Practical Business Startup Tips

on July 24, 2014 Business Life, Startups with 1 comment
Practical Business Startup Tips

Nothing can be as exciting as the first day of business. You have spend weeks to months preparing and planning, covering every bit of nuances that you can think of. So what now? Where do you go from here? Like a great sports brand says “Just Do It”!

Here’s some practical business startup tips to take you through your first year of business.


Plan well but being well planned doesn’t mean there will be no problems.

By all means start the first day as well planned as you can, but business is not a science. It is science plus art. You are dealing with humans with free will interacting in an unpredictable environment. So be prepared for some problems and don’t be discouraged if they do pop up.


The early boost to your business is invaluable.

An early boost to your business will come from your own network. Get the word out, ask friends to help spread the word, some friends might become customers. It gets quite difficult if you start a business where no friend can be a potential customer or knows someone else who can. In such circumstances, make sure you have an adequate advertising and promotion budget to punch through into customer acceptance.


Don’t listen to useless advice.

Useless advice like thinking big deals (before you are ready), or planning for expansion in your first few months don’t do anything to get you focused on the single most important objective. Trust me, if the (sales) numbers agree, you will plan for expansion without having to tell yourself. Instead, focus on getting your first customer, making them happy, then finding MORE customers. Sales is the lifeblood of your business.


Don’t listen to naysayers.

There will be many naysayers in your life. Most of them come from selfish intent. It may sound so genuine, but that friend may just not want to you succeed. They may appear to “troubleshoot” problems about your business model with you, but they are really trying to discourage you. It is also important to discern between good negativity and bad. If those close to you who benefit from your success are all sounding the alarm bells, then perhaps it is wise to take heed and look into the issue.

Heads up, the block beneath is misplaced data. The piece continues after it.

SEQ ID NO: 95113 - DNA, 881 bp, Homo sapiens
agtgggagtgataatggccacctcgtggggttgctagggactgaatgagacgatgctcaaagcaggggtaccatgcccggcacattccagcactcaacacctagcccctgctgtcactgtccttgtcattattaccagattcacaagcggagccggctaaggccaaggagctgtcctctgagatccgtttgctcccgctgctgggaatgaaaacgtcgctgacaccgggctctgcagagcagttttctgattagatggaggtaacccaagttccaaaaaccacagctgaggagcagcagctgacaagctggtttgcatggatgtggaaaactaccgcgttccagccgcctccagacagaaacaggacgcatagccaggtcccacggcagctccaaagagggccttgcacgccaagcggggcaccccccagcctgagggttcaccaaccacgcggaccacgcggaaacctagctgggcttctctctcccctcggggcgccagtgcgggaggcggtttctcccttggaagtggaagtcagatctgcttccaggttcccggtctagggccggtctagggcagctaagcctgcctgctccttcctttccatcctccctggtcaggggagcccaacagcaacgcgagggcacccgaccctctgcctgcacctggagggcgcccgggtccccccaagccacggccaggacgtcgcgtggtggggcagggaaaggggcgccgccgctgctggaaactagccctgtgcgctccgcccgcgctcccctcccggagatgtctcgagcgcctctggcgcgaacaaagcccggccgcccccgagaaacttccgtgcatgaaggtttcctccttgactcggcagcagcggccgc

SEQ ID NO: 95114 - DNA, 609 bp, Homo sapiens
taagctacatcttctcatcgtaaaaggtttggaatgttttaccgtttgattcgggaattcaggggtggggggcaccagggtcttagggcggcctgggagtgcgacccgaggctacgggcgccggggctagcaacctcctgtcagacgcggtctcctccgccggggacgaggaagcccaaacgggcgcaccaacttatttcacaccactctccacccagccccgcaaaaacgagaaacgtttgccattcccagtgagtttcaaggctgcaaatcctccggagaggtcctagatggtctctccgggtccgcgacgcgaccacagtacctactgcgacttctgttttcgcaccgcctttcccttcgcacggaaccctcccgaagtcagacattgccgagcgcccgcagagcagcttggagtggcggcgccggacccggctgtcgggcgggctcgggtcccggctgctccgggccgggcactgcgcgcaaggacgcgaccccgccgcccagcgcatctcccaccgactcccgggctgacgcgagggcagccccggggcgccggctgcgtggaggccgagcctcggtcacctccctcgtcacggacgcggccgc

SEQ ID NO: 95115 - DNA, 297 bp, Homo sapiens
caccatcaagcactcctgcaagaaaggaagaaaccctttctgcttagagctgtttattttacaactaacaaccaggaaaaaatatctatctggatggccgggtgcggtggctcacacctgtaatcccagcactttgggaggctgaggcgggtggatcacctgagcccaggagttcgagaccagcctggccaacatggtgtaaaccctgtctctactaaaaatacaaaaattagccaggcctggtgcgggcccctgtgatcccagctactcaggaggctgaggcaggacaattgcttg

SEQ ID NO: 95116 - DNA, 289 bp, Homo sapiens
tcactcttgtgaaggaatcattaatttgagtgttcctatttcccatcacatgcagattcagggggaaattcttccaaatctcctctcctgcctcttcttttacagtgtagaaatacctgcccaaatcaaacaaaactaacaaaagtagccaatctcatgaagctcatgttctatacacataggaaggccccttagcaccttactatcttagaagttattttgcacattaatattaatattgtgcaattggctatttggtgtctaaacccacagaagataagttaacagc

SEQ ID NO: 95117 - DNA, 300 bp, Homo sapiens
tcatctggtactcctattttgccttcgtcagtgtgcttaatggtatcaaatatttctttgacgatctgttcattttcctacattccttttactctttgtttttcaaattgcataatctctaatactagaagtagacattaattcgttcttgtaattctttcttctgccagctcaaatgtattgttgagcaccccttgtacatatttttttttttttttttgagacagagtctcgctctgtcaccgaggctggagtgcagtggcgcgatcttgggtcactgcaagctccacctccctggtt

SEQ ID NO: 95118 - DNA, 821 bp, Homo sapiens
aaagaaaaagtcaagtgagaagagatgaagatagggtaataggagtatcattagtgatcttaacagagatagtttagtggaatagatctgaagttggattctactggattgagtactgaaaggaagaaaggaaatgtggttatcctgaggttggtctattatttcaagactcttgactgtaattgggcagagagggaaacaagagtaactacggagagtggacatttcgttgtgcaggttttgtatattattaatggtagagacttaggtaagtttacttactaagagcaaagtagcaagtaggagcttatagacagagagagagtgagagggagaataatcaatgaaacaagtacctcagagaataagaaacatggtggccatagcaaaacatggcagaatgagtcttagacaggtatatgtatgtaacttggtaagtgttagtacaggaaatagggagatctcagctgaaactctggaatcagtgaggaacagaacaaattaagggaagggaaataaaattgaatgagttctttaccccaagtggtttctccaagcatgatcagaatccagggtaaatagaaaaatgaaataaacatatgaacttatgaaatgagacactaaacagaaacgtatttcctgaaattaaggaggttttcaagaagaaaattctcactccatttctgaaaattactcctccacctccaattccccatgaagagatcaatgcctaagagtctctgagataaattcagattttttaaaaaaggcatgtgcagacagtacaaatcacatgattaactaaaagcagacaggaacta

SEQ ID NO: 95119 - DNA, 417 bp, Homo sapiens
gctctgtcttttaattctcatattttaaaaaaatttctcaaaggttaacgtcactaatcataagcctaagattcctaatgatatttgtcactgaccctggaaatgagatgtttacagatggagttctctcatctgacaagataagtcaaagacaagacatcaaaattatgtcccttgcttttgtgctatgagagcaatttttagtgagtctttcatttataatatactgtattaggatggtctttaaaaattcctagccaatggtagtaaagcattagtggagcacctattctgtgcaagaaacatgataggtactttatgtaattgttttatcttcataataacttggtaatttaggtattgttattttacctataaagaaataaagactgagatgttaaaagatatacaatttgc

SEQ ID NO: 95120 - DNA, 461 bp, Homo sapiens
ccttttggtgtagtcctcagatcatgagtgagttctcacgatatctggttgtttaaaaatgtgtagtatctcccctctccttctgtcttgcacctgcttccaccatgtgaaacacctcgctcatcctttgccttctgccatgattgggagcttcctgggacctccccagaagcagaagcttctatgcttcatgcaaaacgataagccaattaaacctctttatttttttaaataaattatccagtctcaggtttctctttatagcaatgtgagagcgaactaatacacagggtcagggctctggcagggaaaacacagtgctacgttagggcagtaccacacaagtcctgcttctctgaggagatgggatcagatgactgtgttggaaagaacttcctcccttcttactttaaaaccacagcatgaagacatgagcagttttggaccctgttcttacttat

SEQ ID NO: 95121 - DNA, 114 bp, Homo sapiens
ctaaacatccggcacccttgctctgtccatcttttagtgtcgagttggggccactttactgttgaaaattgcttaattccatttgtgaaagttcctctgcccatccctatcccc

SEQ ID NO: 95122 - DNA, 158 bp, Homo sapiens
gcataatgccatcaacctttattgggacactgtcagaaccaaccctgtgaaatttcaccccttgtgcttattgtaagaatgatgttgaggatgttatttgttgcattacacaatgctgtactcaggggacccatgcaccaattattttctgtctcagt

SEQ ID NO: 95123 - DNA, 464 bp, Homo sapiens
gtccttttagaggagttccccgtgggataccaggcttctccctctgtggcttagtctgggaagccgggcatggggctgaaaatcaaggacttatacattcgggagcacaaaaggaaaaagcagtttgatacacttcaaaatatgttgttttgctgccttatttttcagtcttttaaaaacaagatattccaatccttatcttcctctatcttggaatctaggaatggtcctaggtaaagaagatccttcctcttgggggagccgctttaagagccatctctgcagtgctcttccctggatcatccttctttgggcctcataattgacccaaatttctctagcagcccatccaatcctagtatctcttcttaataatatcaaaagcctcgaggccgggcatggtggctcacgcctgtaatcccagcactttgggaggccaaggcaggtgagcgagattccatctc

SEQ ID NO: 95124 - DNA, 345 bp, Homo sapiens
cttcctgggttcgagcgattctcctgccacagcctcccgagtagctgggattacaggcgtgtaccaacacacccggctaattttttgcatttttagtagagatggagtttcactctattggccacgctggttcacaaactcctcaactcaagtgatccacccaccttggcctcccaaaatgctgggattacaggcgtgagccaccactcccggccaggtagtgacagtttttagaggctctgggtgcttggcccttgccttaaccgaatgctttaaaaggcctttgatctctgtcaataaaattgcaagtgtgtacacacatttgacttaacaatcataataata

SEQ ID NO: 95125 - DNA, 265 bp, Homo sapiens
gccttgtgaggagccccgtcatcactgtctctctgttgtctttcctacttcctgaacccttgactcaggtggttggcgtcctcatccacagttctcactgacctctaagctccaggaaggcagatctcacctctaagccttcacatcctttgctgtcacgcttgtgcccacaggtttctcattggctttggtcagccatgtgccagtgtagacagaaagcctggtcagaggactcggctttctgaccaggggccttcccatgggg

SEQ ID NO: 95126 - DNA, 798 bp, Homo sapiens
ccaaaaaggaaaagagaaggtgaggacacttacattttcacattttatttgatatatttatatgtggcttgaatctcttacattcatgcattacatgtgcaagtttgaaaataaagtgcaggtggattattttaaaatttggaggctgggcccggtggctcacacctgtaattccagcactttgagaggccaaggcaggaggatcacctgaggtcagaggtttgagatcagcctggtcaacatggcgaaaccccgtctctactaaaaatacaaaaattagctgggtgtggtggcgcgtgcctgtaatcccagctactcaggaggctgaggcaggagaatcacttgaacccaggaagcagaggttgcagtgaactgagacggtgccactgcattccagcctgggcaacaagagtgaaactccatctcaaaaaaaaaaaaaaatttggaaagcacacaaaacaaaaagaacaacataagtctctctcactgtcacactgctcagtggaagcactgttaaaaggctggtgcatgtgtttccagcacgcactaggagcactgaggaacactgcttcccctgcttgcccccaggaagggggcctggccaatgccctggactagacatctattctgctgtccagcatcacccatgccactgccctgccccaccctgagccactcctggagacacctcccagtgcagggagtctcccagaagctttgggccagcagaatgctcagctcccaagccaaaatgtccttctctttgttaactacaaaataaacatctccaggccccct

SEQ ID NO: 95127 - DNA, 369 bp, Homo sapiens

Be objective about your emotions, if possible.

Starting and running your own business can be nerve wreaking. You stop having a safety net of monthly pay to aim for a much bigger goal of financial freedom. However, in the early years when the business is still being nurtured, you may get bouts of anxiety or even waking in the night with stress. Don’t worry about tomorrow or the week after, you can only solve the problems during working hours. If you are regularly getting anxious, then perhaps you have risked too much. I talk about this in this article “Should I Go All in”. It’s sort of too late for you, but perhaps you can take in a business partner to share the load.


Pace yourself.

I know pumped up Entrepreneurs are hardworking and all ready to burn the midnight oil but you need to pace yourself. Lawyers and  investment bankers can work 16 hours a day because if they burn out, they can go on medical leave and the law firm or investment bank will still continue to run without them. Your business can’t run without you. So work hard, but pace yourself. Work overtime if you have to, but do it at a pace you can sustain.


Remember to network.

Be sure to keep meeting people. If you work from home, make sure you go out, meet friends and acquaintances, refresh old work relationships. You never know when you need their help or they need yours.


Dan Tan

1 Comment

  • Steve smith
    on June 12, 2015 Reply

    I agree with you, Dan. From my experience never chase money because it won’t lead to long-term success. Great tips keep rocking.

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